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Should We Replace Libraries with Amazon

“Should We Replace Libraries with Amazon

Jeff Bezos and Amazon in 1999

Of course not. It’s a terrible idea.

So why did Forbes publish this article [since removed due to embarrassment?] that made that horrendous suggestion?

We have no idea, but that’s just the kind of sentiment that we’re fighting against in the United States with your donations.

There are, of course, many problems with this idea. First of all, libraries cost the average American taxpayer over 18 years old just $4.50 per month. An Amazon Prime subscription alone is nearly double that price and you get very little for free with that subscription because you still have to buy books or pay more to gain access to premium goods or services. If you want audio books or eBooks on Amazon, you need to pay for an Audible subscription or Kindle unlimited ($10 a month or twice the cost of a library) but you can get that for free through Overdrive (Libby) at your local library. If you want newly released movies, you have to buy the premium Amazon channels or you can get those for free at your library. If you want access to premium music you have to pay another $7.99 a month on Amazon or you can use Freegal or Hoopla at your library for free. And, if you want magazines, you can just get those for free from your library with Zinio or PressReader.

But those are just some examples of the physical things available at your library. The truth is that libraries have been a whole lot more for a long time. Libraries are community spaces where children come in order to learn to read and get a head start on learning. They are places where adults can get the help they need to explore an increasingly complex digital and information driven work environment. Veterans returning from overseas can attend programs to help them gain access to critical services. Small business owners and entrepreneurs can access global market databases like Gale Business Insights and use ReferenceUSA and AtoZ Databases to find new leads. Children can play with stem toys to learn how to engage with the latest technologies and gain the skills they’ll need in the workforce. They do all of this and whole lot more, for a lot less than Amazon or any other organization in the country. Just a take a look at these examples;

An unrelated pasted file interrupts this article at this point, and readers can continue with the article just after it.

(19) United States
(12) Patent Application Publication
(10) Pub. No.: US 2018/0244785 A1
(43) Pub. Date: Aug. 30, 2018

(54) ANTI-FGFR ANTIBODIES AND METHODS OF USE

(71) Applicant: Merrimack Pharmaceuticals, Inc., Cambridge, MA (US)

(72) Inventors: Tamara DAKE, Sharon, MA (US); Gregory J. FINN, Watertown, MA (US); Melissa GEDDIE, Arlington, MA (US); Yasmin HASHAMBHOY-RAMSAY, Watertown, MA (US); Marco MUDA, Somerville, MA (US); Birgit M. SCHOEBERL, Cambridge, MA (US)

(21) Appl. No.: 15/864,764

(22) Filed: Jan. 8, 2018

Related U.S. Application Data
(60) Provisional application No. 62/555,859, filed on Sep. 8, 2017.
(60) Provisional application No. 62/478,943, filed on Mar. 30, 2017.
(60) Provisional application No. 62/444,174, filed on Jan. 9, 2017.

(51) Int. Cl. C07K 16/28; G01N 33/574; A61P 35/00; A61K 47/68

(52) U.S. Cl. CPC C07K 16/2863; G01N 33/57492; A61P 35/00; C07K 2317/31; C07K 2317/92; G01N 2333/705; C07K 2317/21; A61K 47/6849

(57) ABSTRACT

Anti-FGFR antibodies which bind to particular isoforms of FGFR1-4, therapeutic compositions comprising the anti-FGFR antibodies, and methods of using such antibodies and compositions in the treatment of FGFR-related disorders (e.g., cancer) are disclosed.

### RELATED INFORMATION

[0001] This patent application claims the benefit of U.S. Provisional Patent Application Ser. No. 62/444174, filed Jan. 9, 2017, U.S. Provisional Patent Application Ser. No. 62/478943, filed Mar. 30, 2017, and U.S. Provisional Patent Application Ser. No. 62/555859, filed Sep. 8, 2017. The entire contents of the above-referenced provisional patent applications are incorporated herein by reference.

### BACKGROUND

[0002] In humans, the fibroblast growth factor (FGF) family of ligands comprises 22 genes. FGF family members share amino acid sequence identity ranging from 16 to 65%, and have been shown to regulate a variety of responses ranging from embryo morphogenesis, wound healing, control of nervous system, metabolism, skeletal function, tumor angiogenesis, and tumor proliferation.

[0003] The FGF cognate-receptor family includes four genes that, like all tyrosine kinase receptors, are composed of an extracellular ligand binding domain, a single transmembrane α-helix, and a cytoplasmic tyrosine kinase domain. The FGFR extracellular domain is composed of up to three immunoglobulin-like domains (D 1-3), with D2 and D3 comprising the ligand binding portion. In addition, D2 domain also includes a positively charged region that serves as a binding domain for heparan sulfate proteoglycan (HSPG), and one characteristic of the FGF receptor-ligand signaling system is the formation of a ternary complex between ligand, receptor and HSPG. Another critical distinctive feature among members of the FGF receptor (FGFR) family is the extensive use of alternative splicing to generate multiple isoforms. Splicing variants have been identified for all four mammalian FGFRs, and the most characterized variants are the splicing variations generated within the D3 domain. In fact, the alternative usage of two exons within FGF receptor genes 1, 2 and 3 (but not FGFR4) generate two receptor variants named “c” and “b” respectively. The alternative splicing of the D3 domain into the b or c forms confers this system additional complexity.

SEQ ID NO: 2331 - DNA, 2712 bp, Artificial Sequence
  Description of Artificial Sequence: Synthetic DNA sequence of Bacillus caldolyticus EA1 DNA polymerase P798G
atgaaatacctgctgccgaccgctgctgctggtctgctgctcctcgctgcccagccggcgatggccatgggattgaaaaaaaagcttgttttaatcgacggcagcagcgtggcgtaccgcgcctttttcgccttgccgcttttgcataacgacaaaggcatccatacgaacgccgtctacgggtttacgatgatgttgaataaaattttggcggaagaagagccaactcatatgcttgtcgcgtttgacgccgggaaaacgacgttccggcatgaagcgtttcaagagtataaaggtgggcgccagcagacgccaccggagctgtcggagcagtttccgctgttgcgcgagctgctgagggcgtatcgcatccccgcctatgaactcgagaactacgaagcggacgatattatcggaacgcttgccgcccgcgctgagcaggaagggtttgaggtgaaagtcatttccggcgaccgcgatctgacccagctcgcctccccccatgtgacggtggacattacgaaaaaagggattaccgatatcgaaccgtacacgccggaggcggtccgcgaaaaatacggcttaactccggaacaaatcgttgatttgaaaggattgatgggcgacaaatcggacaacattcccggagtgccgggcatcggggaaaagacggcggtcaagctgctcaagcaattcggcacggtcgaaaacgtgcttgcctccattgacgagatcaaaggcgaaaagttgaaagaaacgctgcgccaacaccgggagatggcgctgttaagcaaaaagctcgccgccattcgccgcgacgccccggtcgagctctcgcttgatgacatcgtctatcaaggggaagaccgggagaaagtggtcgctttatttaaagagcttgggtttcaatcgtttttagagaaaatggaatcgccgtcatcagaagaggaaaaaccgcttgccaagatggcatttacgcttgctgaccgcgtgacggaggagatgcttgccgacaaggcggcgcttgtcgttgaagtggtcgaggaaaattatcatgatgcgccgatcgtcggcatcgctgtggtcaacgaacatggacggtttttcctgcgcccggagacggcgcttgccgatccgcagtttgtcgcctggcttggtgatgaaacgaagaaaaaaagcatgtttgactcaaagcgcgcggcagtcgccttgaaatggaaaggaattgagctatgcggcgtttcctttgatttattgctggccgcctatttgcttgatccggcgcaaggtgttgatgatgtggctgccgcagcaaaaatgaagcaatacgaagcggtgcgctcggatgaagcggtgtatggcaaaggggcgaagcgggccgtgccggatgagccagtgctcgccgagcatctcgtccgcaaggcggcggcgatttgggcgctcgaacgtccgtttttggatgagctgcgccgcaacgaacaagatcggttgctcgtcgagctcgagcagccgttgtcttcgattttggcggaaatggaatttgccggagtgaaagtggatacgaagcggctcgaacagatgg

Comparison of the cost and services of Amazon and Libraries.

This isn’t the first or the last time that we’re going to see these articles get published. In fact, not long ago Forbes also published an article that claimed that we could save money by purchasing everyone a Kindle. We’ve also seen numerous tweets about replacing libraries with other high cost solutions that just don’t offer the same level of service for the same low price.

The only way to fight against these sentiments is to educate Americans about how valuable and efficient our nation’s libraries really are. For us to be able to do that, we need your help. That’s why we’re asking you to start a monthly donation of just $1, $3, or $5 per month. We’ll put your donations to work educating Americans and especially American voters about one of our finest institutions: Our Libraries.

Of course, that’s not to say that Amazon doesn’t have a place in our lives because libraries and Amazon are simply not in competition. Libraries make significant purchases from Amazon for everything from books to post-it notes. Many of our services like Overdrive use Amazon as it’s content delivery system. And, if you want to sign up for Amazon Smile, you can add the EveryLibrary Institute or your local library as one of your recipients when you make purchases from Amazon Smile.”